I don’t need office candy. If a resource is available in an electronic format, I’m all over it. So the Microsoft Reader has been a fantastic resource. It’s basically an eBook reader that works with desktop and laptop PCs, tablet PCs, and my favorite edition of the software–pocket PC.
The beauty of it, especially with mobile computing, comes in multiple advantages: space, portability of large resources, searching, and integrated text annotation. There are disadvantages, of course. Not everyone will want to read palm-sized versions of their favorite texts. Some do have trouble with reading electronic text as opposed to words printed on a page. And truly, there simply is no substitute for the feel of a book in your hands and the turn of the page (I can’t imagine lying on a beach with an umbrella drink and my PDA).
Nevertheless, I find it to be a phenomenal resource. The interface is simple and user-friendly. For large texts I find that this scores above the traditional *.pdf format in its rendering of text for reading on a screen. The Reader software does its level best to mitigate the problems posed for those who have trouble with on-screen text.
TabletPC users likely have more familiarity and longer history with this Reader. Some newspapers have begun issuing downloadable (RSS) electronic versions to be read by eBook readers with the TabletPC user in mind. The formats I’ve seen have been easy on the eyes to say the least.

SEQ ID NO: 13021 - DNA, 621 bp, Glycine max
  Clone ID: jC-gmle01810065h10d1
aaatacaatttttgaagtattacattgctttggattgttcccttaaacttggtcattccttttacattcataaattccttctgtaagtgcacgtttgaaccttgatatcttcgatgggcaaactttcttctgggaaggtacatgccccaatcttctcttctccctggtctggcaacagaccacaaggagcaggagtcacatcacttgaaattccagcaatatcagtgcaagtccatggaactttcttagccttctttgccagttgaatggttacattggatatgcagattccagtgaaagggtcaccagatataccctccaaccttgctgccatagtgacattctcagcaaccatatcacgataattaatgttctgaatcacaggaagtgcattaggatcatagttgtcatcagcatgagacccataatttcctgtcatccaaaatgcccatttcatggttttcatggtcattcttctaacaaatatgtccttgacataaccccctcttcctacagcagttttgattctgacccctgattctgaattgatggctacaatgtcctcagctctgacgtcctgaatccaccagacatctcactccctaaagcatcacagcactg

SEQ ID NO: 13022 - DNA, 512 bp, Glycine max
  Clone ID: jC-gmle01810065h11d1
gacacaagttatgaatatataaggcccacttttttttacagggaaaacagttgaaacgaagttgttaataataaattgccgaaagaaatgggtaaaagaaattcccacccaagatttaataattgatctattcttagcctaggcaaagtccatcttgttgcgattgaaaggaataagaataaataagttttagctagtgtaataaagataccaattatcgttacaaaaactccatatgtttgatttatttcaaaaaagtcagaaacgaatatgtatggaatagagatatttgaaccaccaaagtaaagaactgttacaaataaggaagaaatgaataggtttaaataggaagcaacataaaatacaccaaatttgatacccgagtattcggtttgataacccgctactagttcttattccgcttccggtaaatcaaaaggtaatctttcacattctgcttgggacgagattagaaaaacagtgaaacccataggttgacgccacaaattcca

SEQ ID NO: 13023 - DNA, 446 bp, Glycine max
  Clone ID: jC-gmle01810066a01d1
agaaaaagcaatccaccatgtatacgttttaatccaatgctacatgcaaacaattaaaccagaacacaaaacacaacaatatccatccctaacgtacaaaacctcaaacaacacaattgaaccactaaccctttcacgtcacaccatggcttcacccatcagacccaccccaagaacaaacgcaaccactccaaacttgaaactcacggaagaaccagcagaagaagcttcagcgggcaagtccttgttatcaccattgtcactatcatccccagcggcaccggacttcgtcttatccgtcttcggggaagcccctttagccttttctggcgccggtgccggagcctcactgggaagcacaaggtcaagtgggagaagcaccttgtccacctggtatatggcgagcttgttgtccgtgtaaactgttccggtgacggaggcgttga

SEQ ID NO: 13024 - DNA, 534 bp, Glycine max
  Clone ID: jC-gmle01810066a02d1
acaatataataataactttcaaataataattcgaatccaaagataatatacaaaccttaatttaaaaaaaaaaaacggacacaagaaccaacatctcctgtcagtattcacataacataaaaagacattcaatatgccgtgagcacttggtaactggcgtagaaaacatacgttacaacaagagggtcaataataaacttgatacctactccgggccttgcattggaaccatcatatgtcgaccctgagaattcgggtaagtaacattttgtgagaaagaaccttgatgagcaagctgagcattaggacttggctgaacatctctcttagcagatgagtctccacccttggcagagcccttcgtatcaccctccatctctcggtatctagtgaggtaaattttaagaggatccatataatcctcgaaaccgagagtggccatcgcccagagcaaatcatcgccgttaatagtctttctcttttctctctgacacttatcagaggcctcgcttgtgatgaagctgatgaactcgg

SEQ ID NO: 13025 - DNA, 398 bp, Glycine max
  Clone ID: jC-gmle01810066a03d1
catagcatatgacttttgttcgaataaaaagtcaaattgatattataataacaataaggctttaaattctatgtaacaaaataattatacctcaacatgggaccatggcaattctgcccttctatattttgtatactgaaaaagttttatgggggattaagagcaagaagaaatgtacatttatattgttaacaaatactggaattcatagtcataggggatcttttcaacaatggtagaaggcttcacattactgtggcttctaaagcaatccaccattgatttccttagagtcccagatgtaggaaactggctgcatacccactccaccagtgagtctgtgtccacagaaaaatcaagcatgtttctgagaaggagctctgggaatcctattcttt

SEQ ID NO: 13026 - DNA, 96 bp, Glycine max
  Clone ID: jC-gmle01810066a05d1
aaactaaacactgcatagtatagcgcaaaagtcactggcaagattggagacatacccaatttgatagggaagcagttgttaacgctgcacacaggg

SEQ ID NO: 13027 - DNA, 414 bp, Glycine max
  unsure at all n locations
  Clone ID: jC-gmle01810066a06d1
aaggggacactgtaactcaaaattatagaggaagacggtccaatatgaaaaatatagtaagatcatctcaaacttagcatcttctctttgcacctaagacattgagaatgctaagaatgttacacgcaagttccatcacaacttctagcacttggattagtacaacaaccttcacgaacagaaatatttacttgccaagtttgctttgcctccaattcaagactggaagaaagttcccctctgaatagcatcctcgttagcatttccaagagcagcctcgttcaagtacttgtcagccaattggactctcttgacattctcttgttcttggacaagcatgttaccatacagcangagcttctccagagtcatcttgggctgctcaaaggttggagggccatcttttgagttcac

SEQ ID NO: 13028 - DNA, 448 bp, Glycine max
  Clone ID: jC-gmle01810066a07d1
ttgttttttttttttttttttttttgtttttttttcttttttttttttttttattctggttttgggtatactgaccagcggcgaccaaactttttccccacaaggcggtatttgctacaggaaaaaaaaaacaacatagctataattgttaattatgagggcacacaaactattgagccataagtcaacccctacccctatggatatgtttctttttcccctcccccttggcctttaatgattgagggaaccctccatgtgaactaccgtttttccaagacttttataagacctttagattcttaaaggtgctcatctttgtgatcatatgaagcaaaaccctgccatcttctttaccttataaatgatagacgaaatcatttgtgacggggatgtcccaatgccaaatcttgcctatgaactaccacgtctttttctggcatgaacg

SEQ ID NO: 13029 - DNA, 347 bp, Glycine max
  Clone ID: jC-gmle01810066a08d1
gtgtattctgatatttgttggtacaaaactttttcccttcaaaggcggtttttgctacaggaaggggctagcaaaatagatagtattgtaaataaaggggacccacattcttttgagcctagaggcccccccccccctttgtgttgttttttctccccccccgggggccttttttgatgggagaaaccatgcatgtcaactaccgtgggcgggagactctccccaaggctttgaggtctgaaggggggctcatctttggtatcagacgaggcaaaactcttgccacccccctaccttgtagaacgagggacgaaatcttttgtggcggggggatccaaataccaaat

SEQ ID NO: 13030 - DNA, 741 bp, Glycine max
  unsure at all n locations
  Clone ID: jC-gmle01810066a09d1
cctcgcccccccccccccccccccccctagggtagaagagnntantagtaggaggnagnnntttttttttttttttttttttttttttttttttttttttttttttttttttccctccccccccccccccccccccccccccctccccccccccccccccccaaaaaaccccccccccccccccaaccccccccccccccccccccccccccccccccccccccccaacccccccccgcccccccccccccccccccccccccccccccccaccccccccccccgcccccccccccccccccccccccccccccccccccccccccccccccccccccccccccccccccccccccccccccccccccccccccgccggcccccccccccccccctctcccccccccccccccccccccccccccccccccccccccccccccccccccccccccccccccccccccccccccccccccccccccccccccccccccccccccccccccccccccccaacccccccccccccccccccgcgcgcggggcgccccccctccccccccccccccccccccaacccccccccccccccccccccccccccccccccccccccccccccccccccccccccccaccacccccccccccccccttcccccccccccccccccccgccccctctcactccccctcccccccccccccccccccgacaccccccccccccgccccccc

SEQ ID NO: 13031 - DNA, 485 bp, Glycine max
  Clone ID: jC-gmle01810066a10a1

Many resources are available in eBook format. Microsoft’s catalog lists over 1500 titles available for free download. Not all of them are worth the download, but there were some provocative titles. This format also provides for relatively easy resource creation as well. For my own use (inspired by Ryan Schroeder‘s work in the e-Sword realm) I’m working on an eBook version of the English text of the Concordia Triglotta. I’ll post here again to signal its completion.
Printed books are not a thing of the past, and I would fight tooth and nail to prevent their going that direction. Electronic versions of texts have their limitations, place, and viability. A mix of both is certainly best, I believe, leaving the appropriate ratio to the individual reader.